Home .........Hire Me .........101 Tips

Friday, February 29, 2008



Setting rates for your freelance translation services can be done most easily by using your personal cost of living as a guideline. However, many freelance translators have a problem with pricing when it comes to the ancillary services such as proofreading and editing.

Both of these tasks can be just as complicated as translation, but many people do not have this understanding. The way to handle a client who expects an extremely low rate for a proofreading assignment is to educate them on the skills that will be employed to do the job.

Professional proofreaders not only check for typographical errors, but also for mistakes in context, formatting, the ordering of and the relationship between the words and other structural elements in phrases and sentences. After these are found the proofreader has to correct the error.

When you are asked to proofread a document, you are employing the same skills you would use in translating in a different manner; you have to make sure that the written document makes sense just as if you were writing it yourself.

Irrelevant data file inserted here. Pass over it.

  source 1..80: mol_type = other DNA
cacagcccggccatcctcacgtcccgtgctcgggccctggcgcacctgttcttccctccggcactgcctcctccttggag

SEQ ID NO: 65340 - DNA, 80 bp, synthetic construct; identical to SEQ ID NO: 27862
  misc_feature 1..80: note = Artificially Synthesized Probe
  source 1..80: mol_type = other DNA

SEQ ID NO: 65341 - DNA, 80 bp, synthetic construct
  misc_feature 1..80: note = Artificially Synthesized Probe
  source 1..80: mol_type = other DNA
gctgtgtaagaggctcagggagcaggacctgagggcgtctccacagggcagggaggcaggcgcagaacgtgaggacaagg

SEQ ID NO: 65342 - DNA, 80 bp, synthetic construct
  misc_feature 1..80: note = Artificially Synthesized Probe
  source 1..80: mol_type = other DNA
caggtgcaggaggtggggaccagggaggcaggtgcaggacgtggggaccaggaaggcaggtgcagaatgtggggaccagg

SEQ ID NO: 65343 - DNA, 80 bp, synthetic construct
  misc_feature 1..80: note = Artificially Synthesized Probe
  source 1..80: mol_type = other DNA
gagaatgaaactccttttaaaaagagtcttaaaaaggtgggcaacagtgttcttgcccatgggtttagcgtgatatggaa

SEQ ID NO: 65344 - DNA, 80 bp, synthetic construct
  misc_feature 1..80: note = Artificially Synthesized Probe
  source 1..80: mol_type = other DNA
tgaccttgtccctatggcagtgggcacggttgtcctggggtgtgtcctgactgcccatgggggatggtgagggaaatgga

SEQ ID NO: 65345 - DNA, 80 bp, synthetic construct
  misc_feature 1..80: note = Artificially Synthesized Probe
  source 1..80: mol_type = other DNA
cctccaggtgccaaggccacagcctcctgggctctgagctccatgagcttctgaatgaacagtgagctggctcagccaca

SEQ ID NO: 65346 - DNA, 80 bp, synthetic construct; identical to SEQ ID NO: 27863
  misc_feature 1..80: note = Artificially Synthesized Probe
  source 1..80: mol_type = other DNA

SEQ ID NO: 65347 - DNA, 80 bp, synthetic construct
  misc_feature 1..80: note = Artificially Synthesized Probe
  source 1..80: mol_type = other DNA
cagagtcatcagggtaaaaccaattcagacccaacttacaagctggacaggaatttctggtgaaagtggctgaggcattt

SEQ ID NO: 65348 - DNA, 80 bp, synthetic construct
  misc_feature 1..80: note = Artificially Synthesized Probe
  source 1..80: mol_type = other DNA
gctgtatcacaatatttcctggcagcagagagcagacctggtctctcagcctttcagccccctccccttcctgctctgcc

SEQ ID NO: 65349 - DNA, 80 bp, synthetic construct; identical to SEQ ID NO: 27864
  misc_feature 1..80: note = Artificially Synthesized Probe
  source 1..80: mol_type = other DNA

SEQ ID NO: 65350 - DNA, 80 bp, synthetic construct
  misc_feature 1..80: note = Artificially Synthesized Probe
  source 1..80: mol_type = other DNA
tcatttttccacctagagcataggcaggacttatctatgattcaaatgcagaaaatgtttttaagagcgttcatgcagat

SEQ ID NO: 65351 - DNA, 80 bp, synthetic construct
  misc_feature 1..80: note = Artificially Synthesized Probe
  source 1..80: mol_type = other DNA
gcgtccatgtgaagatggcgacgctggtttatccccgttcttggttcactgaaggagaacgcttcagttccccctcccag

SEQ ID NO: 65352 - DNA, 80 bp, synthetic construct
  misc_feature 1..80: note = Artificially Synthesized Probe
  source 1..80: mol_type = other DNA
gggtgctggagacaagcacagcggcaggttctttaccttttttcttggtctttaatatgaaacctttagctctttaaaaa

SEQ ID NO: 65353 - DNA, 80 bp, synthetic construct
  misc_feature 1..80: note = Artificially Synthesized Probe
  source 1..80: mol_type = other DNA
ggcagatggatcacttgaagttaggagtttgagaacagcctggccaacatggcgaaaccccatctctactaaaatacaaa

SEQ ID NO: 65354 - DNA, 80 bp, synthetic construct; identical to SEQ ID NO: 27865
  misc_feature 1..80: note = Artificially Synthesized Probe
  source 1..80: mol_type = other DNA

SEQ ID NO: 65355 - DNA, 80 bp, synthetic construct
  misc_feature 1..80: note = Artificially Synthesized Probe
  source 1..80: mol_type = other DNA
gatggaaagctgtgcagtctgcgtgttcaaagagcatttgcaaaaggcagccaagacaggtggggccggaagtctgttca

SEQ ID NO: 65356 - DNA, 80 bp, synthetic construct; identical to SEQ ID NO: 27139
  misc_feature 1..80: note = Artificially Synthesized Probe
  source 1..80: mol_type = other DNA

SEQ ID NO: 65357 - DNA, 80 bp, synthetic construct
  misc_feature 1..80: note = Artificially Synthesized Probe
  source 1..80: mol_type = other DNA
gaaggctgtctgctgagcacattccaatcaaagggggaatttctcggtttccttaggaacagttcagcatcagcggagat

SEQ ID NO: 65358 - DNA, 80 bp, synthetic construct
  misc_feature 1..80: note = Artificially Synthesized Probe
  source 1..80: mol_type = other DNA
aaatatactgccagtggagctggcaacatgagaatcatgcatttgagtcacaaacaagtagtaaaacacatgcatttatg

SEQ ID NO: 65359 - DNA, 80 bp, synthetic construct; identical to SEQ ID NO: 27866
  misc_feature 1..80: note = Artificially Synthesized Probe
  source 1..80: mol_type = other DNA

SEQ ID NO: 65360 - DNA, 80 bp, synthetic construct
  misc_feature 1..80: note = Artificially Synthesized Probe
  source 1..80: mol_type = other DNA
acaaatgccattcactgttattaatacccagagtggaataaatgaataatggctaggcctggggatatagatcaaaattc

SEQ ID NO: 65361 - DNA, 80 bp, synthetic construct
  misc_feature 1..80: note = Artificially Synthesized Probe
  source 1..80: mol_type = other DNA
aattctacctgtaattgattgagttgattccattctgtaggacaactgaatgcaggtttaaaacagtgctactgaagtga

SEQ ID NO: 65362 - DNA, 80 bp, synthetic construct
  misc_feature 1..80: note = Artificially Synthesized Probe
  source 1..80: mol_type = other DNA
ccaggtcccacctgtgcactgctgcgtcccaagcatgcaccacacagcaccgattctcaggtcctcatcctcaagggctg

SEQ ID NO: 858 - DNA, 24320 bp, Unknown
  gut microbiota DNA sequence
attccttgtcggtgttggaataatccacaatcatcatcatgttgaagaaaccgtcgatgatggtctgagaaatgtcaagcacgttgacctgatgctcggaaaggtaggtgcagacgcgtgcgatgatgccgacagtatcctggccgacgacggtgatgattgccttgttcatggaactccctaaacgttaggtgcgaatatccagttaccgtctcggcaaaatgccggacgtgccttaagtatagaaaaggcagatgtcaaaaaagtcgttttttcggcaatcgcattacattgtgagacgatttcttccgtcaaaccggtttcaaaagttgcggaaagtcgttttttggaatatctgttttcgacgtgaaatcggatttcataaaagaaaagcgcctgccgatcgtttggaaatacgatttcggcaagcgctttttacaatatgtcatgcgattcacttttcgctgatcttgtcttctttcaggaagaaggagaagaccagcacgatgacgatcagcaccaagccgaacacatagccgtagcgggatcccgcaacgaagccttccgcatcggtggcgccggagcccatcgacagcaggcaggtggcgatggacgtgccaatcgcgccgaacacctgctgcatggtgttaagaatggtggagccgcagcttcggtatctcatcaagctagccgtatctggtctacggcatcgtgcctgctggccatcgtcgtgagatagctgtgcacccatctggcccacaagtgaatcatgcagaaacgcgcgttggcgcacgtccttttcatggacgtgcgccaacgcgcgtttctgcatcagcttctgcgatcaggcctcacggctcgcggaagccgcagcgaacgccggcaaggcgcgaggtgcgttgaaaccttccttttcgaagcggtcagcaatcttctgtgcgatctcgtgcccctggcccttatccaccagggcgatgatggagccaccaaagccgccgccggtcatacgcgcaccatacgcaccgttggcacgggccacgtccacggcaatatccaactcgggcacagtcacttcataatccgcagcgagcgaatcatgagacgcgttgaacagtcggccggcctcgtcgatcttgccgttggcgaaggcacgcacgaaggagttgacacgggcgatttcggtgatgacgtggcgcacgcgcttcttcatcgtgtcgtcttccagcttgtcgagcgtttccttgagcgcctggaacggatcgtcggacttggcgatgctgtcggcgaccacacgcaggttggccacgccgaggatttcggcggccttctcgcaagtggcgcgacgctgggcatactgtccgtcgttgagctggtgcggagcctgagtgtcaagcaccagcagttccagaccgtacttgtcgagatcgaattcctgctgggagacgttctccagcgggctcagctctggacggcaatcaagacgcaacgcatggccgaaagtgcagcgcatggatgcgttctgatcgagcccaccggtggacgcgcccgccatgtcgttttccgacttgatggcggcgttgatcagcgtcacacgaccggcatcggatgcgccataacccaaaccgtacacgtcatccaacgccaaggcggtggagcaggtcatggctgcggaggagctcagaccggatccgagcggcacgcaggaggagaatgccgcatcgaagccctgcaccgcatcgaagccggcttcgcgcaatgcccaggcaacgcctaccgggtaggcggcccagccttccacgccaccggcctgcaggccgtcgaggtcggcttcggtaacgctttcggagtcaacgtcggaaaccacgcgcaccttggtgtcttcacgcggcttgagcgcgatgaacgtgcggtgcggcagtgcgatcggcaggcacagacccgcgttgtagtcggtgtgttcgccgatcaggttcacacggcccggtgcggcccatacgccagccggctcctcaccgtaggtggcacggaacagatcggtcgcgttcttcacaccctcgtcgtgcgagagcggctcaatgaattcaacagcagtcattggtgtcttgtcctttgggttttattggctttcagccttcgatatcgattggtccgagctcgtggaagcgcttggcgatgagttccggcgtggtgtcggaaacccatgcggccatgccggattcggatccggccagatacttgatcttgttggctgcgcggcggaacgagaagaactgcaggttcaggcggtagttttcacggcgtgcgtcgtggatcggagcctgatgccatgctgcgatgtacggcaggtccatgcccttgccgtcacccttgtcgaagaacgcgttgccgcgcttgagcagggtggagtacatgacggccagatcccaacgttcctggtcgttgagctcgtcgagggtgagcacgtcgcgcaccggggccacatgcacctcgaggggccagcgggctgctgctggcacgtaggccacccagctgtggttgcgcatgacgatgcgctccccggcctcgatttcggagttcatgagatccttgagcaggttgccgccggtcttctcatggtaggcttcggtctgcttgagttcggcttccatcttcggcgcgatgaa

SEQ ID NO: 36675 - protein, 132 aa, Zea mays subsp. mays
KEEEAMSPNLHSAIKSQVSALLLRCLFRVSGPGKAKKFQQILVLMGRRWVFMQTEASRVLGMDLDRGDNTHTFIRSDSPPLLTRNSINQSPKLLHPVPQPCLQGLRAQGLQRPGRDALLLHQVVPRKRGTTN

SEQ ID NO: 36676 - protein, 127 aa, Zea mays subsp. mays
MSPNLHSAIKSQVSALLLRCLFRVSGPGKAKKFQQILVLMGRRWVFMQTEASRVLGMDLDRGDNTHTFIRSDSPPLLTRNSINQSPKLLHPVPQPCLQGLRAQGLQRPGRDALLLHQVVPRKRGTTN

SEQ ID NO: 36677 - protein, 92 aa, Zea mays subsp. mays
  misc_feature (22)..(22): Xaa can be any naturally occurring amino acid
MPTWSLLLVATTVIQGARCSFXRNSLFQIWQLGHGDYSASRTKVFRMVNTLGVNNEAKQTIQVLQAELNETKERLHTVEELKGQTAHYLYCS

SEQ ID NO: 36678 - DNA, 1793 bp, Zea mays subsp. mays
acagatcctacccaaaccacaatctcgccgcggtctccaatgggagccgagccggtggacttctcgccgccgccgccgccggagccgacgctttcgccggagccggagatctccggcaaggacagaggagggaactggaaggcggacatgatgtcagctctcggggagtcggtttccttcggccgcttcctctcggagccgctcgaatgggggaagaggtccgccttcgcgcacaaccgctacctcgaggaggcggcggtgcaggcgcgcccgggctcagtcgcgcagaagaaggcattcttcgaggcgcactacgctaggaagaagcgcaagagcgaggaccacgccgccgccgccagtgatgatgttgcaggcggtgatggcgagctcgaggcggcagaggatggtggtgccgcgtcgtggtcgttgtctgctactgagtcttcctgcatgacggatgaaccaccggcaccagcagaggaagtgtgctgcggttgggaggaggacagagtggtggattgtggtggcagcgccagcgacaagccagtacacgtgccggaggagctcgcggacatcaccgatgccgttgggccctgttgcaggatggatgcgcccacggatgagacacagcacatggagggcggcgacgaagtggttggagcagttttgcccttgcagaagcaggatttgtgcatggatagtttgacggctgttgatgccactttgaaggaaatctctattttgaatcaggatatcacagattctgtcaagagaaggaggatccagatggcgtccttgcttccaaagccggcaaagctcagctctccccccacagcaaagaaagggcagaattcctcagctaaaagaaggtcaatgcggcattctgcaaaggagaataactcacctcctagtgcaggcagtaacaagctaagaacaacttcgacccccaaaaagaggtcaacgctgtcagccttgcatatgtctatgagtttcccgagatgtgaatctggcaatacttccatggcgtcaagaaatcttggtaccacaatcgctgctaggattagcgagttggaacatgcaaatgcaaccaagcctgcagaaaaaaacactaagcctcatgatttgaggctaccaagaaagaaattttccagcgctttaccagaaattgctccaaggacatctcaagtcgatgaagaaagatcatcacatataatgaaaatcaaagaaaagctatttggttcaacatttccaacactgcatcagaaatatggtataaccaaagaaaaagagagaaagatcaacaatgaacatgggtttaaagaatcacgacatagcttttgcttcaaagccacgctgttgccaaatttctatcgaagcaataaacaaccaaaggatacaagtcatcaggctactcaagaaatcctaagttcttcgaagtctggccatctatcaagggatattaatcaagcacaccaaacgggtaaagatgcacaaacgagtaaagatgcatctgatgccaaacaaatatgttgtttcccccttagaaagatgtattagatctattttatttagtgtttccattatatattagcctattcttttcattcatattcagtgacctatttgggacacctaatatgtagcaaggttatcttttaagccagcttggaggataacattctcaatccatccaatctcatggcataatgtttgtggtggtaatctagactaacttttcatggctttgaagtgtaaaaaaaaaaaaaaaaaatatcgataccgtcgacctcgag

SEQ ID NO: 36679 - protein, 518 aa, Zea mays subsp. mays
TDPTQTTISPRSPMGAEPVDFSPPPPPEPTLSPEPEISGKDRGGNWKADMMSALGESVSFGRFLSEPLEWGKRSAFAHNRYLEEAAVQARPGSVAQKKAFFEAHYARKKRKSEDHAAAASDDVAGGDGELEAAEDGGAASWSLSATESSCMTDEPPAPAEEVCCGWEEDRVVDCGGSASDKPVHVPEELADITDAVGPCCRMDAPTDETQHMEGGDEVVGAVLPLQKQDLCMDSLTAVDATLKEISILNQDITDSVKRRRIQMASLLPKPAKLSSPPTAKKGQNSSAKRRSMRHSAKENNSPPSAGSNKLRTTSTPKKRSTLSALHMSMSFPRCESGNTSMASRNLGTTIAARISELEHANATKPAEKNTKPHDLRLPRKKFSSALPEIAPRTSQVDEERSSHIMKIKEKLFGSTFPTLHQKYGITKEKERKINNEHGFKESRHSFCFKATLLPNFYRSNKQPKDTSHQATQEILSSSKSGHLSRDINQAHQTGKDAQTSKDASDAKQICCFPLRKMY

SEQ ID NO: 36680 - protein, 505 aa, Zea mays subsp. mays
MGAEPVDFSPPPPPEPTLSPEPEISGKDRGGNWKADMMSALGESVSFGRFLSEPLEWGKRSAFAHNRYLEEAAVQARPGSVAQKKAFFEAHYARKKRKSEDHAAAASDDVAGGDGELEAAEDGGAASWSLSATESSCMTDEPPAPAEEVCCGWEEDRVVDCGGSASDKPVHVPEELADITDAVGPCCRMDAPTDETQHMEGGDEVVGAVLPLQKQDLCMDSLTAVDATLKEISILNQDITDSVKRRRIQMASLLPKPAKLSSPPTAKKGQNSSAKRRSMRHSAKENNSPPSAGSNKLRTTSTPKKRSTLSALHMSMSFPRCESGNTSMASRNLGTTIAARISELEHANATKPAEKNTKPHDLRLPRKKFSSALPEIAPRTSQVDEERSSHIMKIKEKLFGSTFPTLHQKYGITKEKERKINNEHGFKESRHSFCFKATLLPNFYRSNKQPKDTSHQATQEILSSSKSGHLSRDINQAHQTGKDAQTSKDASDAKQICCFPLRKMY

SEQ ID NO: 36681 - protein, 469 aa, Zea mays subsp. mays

Pricing your proofreading services on an hourly rate works well when your hourly rate is realistically tied to your income requirements, i.e., you need to make $20 an hour and you can read 5 pages an hour. But it also to your advantage to test how many pages of a poorly translated document you can proofread in one hour to arrive at a per page rate. If it takes you 3 hours to proofread a 20 page document of this type, $5-9 per page rate is reasonable.

You will find that this is very useful to have two methods for pricing your proofreading services, being prepared with this information will make it easier for you to evaluate source text documents from clients.